The Unlucky Sneeze

FROM A House For Mr. Biswas by V S Naipaul

[V S Naipaul won the Nobel Prize in literature in 2001.]

Mr. Biswas lost his sixth finger before he was nine days old. It simply came off one night and Bipti had an unpleasant turn when, shaking out the sheets one morning, she saw this tiny finger tumble to the ground. Bissoondaye thought this an excellent sign and buried the finger behind the cowpen at the back of the house, not far from where she had buried Mr. Biswas’s navel-string.

In the days that followed Mr. Biswas was treated with attention and respect. His brothers and sisters were slapped if they disturbed his sleep, and the flexibility of his limbs was regarded as a matter of importance. Morning and evening he was massaged with coconut oil. All his joints were exercised; his arms and legs were folded diagonally across his red shining body; the big toe of his right foot was made to touch his left shoulder, the big toe of his left foot was made to touch his right shoulder, and both toes were made to touch his nose; finally, all his limbs were bunched together over his belly and then, with a clap and a laugh, released.

Mr. Biswas responded well to these exercises, and Bissoondaye became so confident that she decided to have a celebration on the ninth day. She invited people from the village and fed them. The pundit came and was unexpectedly gracious, though his manner suggested that but for his intervention there would have been no celebration at all. Jhagru, the barber, brought his drum, andSelochan did the Shiva dance in the cowpen, his body smeared all over with ash. There was an unpleasant moment when Raghu, Mr. Biswas’s father, appeared. He had walked; his dhoti and jacket were sweated and dusty. “Well, this is very nice,” he said.

“Celebrating. And where is the father?” “Leave this house at once,” Bissoondaye said, coming out of the kitchen at the side. “Father! What sort of father do you call yourself, when you drive your wife away every time she gets heavy-footed?”

“That is none of your business,” Raghu said. “Where is my son?”

“Go ahead. God has paid you back for your boasting and your meanness. Go and see your son. He will eat you up. Six-fingered, born in the wrong way. Go in and see him. He has an unlucky sneeze as well.”

Raghu halted. “Unlucky sneeze?”

“I have warned you. You can only see him on the twenty-first day. If you do anything stupid now the responsibility will be yours.”

From his string bed the old man muttered abuse at Raghu. “Shameless, wicked. When I see the behaviour of this man I begin to feel that the Black Age has come.”

The subsequent quarrel and threats cleared the air. Raghu confessed he had been in the wrong and had already suffered much for it. Bipti said she was willing to go back to him. And he agreed to come again on the twenty-first day.

To prepare for that day Bissoondaye began collecting dry coconuts. She husked them, grated the kernels and set about extracting the oil the pundit had prescribed. It was a long job of boiling and skimming and boiling again, and it was surprising how many coconuts it took to make a little oil. But the oil was ready in time, and Raghu came, neatly dressed, his hair plastered flat and shining, his moustache trimmed, and he was very correct as he took off his hat and went into the dark inner room of the hut which smelled warmly of oil and old thatch. He held his hat on the right side of his face and looked down into the oil in the brass plate. Mr. Biswas, hidden from his father by the hat, and well wrapped from head to foot, was held face downwards over the oil. He didn’t like it; he furrowed his forehead, shut his eyes tight and bawled. The oil rippled, clear amber, broke up the reflection of Mr. Biswas’s face, already distorted with rage, and the viewing was over.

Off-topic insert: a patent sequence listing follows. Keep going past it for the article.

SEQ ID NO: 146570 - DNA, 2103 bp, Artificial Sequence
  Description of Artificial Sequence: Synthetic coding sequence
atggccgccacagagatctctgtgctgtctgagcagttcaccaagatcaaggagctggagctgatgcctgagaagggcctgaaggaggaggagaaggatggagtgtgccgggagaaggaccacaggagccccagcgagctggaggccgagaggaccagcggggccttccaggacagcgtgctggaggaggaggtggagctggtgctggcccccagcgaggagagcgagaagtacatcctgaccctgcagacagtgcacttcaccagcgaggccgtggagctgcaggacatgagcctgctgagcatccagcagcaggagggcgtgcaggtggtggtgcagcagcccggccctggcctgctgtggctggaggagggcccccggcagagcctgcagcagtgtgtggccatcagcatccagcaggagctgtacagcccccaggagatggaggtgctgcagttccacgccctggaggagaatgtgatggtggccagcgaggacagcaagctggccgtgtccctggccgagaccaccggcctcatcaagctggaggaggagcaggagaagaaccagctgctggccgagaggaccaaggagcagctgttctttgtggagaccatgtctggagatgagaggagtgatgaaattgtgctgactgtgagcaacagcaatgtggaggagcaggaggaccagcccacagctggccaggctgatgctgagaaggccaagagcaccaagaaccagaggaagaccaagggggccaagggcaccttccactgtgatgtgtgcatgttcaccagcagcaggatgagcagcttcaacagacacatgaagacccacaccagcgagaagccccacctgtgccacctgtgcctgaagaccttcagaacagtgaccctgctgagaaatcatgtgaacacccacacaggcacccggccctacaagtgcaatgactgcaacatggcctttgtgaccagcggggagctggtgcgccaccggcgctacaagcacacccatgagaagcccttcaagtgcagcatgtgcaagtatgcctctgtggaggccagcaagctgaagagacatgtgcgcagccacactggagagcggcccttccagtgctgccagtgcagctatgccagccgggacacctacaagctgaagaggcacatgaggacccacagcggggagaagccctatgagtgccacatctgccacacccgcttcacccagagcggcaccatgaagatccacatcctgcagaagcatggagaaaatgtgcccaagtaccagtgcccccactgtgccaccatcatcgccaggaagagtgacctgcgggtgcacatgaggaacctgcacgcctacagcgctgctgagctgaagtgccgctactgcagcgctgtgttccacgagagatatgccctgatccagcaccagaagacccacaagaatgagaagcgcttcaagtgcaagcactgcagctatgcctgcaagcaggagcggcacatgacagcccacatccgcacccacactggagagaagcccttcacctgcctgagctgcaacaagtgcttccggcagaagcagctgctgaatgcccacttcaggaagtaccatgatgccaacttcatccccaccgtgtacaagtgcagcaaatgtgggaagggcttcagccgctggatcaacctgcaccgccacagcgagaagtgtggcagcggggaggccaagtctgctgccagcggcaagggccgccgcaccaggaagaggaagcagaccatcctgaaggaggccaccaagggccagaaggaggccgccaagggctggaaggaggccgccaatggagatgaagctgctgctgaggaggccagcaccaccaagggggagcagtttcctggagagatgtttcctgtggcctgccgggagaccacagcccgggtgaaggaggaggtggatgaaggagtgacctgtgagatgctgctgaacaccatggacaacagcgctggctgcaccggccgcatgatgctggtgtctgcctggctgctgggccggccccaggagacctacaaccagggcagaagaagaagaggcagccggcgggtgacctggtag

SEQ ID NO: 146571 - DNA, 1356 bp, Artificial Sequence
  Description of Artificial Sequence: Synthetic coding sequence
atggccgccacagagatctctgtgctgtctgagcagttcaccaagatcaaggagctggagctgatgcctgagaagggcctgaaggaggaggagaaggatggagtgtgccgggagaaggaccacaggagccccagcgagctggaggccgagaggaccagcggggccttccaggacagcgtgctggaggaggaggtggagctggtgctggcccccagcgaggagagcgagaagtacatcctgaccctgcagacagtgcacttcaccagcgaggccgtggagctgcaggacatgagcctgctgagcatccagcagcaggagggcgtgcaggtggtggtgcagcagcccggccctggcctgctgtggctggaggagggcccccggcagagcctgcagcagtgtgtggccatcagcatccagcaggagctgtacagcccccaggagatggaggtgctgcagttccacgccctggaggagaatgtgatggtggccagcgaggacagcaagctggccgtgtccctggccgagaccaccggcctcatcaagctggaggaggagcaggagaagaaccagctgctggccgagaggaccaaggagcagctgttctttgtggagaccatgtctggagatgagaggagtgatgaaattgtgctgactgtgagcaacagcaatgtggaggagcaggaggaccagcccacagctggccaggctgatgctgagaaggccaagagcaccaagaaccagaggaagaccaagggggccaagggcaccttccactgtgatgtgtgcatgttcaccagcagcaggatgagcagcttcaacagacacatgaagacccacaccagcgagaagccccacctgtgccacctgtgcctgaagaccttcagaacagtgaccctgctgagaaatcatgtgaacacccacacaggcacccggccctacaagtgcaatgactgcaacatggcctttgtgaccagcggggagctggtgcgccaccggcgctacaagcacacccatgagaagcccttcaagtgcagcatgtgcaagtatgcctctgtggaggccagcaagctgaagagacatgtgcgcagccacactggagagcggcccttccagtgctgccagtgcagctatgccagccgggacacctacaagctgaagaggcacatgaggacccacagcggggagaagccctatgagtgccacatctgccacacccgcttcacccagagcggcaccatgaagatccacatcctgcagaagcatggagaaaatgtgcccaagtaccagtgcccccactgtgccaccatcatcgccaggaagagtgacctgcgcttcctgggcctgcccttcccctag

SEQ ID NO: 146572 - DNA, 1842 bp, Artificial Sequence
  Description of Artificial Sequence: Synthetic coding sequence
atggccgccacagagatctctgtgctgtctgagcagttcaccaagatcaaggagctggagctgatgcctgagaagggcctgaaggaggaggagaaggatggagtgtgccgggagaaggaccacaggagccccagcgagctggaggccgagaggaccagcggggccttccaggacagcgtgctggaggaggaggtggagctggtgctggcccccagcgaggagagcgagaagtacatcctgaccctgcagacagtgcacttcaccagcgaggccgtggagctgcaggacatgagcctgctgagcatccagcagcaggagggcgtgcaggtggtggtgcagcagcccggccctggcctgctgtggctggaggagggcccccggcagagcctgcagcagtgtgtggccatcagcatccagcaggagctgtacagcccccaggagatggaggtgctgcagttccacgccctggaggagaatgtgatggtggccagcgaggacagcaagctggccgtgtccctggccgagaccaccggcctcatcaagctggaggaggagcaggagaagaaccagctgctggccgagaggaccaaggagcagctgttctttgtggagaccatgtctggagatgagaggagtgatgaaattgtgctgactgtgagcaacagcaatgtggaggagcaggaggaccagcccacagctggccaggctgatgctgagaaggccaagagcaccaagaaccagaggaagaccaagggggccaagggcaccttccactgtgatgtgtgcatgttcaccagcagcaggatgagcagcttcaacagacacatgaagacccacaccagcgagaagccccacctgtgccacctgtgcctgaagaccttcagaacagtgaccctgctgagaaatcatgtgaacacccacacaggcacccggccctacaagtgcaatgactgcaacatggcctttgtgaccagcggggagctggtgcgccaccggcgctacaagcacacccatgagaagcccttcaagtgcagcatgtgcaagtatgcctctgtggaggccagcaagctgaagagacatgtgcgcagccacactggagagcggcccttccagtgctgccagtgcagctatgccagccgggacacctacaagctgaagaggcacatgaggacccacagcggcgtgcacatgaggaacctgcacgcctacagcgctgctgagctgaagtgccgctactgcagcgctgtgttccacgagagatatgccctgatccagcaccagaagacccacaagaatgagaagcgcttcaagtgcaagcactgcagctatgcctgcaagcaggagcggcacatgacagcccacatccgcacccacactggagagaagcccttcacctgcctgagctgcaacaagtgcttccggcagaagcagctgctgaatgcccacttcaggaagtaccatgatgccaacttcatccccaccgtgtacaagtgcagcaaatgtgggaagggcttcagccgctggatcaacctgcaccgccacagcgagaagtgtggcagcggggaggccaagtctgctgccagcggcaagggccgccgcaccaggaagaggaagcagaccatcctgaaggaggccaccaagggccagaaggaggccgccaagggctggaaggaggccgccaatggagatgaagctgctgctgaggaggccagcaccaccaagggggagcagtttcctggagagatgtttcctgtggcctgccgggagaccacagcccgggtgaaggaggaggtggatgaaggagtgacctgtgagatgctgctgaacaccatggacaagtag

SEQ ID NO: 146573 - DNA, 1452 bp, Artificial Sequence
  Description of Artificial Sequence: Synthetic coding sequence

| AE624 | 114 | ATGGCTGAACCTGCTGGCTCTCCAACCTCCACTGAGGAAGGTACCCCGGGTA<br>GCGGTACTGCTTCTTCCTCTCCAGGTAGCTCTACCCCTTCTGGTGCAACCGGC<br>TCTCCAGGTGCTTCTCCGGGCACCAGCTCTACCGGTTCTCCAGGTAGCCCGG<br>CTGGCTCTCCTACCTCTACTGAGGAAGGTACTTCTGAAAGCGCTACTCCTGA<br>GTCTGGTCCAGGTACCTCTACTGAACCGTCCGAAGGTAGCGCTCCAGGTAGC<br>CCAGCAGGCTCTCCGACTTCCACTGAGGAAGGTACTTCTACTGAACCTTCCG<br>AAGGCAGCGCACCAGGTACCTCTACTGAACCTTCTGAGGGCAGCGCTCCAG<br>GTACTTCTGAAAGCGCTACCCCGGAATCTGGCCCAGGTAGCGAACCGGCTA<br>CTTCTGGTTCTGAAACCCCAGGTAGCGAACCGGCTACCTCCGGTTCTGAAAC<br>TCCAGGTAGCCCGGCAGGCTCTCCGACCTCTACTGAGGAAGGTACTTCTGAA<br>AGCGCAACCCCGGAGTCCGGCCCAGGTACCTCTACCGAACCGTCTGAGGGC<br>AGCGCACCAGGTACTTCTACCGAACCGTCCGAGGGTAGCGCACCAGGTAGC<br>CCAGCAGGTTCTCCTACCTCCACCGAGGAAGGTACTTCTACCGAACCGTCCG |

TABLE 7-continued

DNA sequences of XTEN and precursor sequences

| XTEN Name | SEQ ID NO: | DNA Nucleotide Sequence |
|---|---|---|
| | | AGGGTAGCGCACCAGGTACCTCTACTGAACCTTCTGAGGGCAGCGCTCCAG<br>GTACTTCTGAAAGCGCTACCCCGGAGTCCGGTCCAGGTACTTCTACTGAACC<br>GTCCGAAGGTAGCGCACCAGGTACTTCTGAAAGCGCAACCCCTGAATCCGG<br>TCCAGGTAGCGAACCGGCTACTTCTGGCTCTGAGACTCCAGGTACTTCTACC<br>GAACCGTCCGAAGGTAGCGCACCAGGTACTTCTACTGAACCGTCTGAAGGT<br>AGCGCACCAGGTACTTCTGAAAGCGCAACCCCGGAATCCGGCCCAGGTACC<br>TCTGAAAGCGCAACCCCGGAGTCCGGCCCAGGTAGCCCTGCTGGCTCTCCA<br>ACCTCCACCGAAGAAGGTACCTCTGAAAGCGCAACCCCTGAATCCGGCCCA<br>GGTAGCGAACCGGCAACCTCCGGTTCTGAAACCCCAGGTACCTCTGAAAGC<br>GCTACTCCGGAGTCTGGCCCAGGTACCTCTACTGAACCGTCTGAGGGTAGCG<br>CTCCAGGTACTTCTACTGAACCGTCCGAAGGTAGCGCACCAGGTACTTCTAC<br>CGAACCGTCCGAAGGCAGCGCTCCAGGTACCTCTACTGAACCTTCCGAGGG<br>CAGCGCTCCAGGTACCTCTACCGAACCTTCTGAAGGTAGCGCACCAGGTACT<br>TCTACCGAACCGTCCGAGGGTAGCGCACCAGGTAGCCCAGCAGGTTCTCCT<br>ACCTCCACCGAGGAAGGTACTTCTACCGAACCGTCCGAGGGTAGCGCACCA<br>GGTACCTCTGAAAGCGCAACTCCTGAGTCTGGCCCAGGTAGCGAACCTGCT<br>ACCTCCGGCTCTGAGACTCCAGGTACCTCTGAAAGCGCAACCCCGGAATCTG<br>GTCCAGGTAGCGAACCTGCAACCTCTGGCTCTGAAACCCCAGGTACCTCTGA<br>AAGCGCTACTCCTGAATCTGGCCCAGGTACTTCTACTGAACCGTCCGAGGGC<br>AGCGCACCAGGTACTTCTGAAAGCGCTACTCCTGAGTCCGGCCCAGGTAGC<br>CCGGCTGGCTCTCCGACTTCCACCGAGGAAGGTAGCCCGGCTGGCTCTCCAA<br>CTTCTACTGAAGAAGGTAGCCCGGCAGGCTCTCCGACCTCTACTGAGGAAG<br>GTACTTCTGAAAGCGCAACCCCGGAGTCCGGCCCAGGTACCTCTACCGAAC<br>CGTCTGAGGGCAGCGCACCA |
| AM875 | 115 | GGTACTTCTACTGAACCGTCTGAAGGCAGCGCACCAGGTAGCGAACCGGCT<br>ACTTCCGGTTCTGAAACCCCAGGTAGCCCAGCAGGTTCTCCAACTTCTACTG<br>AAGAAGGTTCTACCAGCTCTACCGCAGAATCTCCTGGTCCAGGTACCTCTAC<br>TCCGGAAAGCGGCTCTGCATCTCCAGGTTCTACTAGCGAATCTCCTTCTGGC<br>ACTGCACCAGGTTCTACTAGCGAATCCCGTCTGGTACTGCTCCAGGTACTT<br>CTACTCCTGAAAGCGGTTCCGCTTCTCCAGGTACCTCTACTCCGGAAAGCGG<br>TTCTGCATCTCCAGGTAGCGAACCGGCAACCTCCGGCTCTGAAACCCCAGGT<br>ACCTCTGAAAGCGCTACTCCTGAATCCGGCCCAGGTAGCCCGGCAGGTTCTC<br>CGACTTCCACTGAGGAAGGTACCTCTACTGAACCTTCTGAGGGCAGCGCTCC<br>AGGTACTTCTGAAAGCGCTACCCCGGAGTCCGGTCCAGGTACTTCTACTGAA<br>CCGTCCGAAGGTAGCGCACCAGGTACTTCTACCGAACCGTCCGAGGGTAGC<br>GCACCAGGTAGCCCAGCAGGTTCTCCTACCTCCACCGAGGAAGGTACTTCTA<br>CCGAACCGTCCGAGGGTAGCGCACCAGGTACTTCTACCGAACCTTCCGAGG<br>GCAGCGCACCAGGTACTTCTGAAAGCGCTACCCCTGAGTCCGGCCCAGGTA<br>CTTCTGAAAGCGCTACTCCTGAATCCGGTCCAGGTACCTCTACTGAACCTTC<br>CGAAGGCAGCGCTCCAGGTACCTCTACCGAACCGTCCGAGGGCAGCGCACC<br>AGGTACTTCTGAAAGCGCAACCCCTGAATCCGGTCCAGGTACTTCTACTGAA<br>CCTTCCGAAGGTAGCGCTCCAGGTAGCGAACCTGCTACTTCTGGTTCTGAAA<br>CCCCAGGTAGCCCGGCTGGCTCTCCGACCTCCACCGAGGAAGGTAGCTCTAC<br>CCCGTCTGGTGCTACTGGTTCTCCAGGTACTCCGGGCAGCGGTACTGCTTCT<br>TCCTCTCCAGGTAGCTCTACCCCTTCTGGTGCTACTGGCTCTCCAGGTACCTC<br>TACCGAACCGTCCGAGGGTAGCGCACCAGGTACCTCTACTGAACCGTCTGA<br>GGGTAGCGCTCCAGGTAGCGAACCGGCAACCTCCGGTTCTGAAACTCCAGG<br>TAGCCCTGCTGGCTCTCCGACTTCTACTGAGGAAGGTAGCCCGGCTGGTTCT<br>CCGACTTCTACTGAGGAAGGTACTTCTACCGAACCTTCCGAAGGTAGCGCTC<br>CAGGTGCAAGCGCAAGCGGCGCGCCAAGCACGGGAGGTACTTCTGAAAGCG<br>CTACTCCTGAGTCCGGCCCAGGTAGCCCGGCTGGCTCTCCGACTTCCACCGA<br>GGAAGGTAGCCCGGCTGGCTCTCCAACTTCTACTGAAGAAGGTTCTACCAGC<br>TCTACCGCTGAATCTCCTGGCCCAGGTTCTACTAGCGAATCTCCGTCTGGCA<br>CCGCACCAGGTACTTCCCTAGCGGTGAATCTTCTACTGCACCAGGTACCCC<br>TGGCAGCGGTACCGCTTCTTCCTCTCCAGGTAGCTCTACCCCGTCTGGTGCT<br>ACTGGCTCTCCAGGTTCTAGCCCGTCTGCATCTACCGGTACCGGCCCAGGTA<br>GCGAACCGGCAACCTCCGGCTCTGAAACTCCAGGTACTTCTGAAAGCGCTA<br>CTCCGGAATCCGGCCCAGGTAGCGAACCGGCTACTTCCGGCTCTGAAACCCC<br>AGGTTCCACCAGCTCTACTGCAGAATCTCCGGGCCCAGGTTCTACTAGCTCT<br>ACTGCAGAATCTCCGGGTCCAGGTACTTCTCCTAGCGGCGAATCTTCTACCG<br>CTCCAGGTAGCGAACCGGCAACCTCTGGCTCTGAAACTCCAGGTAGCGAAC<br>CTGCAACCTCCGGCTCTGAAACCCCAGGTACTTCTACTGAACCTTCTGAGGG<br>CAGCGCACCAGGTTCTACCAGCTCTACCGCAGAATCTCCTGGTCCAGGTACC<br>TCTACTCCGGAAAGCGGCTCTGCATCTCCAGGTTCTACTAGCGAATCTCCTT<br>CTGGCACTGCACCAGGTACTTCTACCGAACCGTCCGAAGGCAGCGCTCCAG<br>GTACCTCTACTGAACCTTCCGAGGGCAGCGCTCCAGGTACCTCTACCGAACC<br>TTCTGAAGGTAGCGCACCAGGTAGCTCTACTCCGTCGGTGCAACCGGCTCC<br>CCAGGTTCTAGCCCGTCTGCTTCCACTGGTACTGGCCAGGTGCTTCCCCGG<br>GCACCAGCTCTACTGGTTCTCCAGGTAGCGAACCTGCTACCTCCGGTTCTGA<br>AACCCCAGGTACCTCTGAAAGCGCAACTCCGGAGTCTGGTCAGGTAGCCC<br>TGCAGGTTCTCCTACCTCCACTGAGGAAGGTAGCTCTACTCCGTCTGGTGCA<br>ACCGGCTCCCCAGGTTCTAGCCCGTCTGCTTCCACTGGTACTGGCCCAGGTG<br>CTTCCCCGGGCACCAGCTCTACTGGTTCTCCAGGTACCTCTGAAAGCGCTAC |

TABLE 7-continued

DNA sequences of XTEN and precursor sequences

A few days later Bipti and her children returned home. And there Mr. Biswas’s importance steadily diminished. The time came when even the daily massage ceased.

But he still carried weight. They never forgot that he was an unlucky child and that his sneeze was particularly unlucky. Mr. Biswas caught cold easily and in the rainy season threatened his family with destitution. If, before Raghu left for the sugar-estate, Mr. Biswas sneezed, Raghu remained at home, worked on his vegetable garden in the morning and spent the afternoon making walking-sticks and sabots, or carving designs on the hafts of cutlasses and the heads of walking-sticks. His favourite design was a pair of Wellingtons; he had never owned Wellingtons but had seen them on the overseer. Whatever he did, Raghu never left the house. Even so, minor mishaps often followed Mr. Biswas’s sneeze: threepence lost in the shopping, the breaking of a bottle, the upsetting of a dish. Once Mr. Biswas sneezed on three mornings in succession.

“This boy will eat up his family in truth,” Raghu said.

One morning, just after Raghu had crossed the gutter that ran between the road and his yard, he suddenly stopped. Mr. Biswas had sneezed. Bipti ran out and said, “It doesn’t matter. He sneezed when you were already on the road.”

“But I heard him. Distinctly.”

Bipti persuaded him to go to work. About an hour or two later, while she was cleaning the rice for the midday meal, she heard shouts from the road and went out to find Raghu lying in an ox-cart, his right leg swathed in bloody bandages. He was groaning, not from pain, but from anger. The man who had brought him refused to help him into the yard: Mr. Biswas’s sneeze was too well known. Raghu had to limp in leaning on Bipti’s shoulder.

~~~~~~~~~~~❖❖❖❖~~~~~~~~~~~

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Published in: on January 11, 2010 at 2:46 PM  Leave a Comment  
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